But there’s a good chance your relationships with your clients are a little more complex and dynamic than your relationships with your employees. And since clinical outcomes for your clients depend partly on the relationships you build with them, it’s important to consider seriously what effect gift-giving could have.
Before hitting the pavement with your holiday shopping list, ask the following questions:
Does your client expect to receive a gift?
Depending on your client’s cultural background and personal habits, they may not expect to receive a gift at all. Conversely, if you don’t give them a gift—or even a card—they may feel hurt or neglected.
For some people, holiday gift-giving is a strictly friends and family affair. For others, it’s an excuse to play Santa and give presents to everyone they know. Try to get a sense of your client’s attitudes before you break out the wrapping paper.
How will your client interpret the gift?
Closely tied to your client’s expectations of gift-giving (and -receiving) is the meaning such a gift might have.
If gift-giving is a strictly friends-and-family affair for them, a gift from their therapist may seem like an attempt on the therapist’s part to build a personal relationship outside of therapy. On the other hand, it may be something they take in stride.
What is your purpose for giving a gift to a client?
Your own attitudes towards gift-giving partially underlie the choice you make to give your client a holiday gift. Is the gift a casual, friendly gesture, a way of showing regard for someone and wishing them the best during the holiday season? Or is it a means of deepening your relationship with someone else and inviting them to your “inner circle”?
Also, what are your expectations? Is your sense of personal value or your regard for your client riding on how they react to their gift?
If you feel awkward about giving your client a gift in the first place, or the idea makes you anxious, now is a good time to address those feelings and look at the underlying cause. Be clear to yourself about your boundaries and expectations. If you feel stuck, consider reaching out to another therapist and learning about their own gift-giving policies and experiences.
Guidelines for gifts to clients
If you do decide to give your clients gifts this holiday season, here are some simple guidelines to follow:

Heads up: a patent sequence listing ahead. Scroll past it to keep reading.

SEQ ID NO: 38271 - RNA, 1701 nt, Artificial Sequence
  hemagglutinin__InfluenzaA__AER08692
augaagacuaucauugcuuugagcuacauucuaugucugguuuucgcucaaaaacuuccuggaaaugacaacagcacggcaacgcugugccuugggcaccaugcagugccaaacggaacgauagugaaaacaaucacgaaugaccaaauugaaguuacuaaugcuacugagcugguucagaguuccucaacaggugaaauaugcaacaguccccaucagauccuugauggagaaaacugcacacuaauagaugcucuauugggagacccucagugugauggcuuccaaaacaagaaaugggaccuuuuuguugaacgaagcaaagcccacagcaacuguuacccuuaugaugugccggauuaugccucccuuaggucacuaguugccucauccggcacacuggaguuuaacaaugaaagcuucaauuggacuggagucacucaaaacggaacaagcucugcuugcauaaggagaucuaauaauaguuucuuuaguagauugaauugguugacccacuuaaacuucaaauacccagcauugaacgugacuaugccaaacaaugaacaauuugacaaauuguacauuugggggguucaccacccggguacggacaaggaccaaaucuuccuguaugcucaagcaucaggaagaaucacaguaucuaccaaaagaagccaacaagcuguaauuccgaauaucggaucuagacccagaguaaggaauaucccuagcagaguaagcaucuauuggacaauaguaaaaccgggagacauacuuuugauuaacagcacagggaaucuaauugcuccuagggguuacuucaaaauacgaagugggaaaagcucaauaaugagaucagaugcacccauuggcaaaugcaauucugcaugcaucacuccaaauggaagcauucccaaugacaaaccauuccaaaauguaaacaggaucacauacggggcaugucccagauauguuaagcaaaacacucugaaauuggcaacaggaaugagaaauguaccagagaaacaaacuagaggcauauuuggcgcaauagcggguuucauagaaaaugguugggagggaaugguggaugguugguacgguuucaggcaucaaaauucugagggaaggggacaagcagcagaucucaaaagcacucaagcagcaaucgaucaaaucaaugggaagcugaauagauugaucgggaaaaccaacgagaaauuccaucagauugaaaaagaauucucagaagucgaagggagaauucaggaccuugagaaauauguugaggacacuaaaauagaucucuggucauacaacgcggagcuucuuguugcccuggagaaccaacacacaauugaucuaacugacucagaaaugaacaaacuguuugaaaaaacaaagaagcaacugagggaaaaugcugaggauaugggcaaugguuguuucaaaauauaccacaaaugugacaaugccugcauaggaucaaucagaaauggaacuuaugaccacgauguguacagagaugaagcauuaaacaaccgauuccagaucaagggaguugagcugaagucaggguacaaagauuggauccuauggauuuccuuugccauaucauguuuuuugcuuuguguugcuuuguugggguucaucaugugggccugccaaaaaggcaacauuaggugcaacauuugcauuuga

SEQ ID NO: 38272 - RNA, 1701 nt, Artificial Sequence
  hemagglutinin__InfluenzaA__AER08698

- Make gifts impersonal. It may seem counterintuitive, but sometimes the best gifts are the least personal—particularly when it comes to maintaining boundaries with clients. Avoid personal items like clothes or jewelry, and opt for gifts just about anyone can enjoy regardless of circumstances. Options include candy, gift baskets, or houseplants.
- Consider giving them something that contributes to therapy. Books or recordings pertinent to what you and your client are working through in therapy make great gifts. Other options include journals and therapeutic art supplies. Not only do these keep the tone professional by focusing on your client-therapist relationship, but they can be seriously useful tools for treatment and growth.
- Keep it cheap. A gift costing under $25 is more than enough to be thoughtful without pushing it into “too much” territory. And you reap maximum tax benefits, as well.
If you’re considering giving clients therapy-related gifts, consult with your accountant. You may be able to write them off as therapeutic tools (which are 100% deductible, without limits) rather than gifts (which have a $25 limit.)
This holiday season, give yourself a gift: take some time off. Here’s what you need to know about how to take holiday time off as a therapist.
This post is to be used for informational purposes only and does not constitute legal, business, or tax advice. Each person should consult their own attorney, business advisor, or tax advisor with respect to matters referenced in this post.
Bryce Warnes is a West Coast writer specializing in small business finances.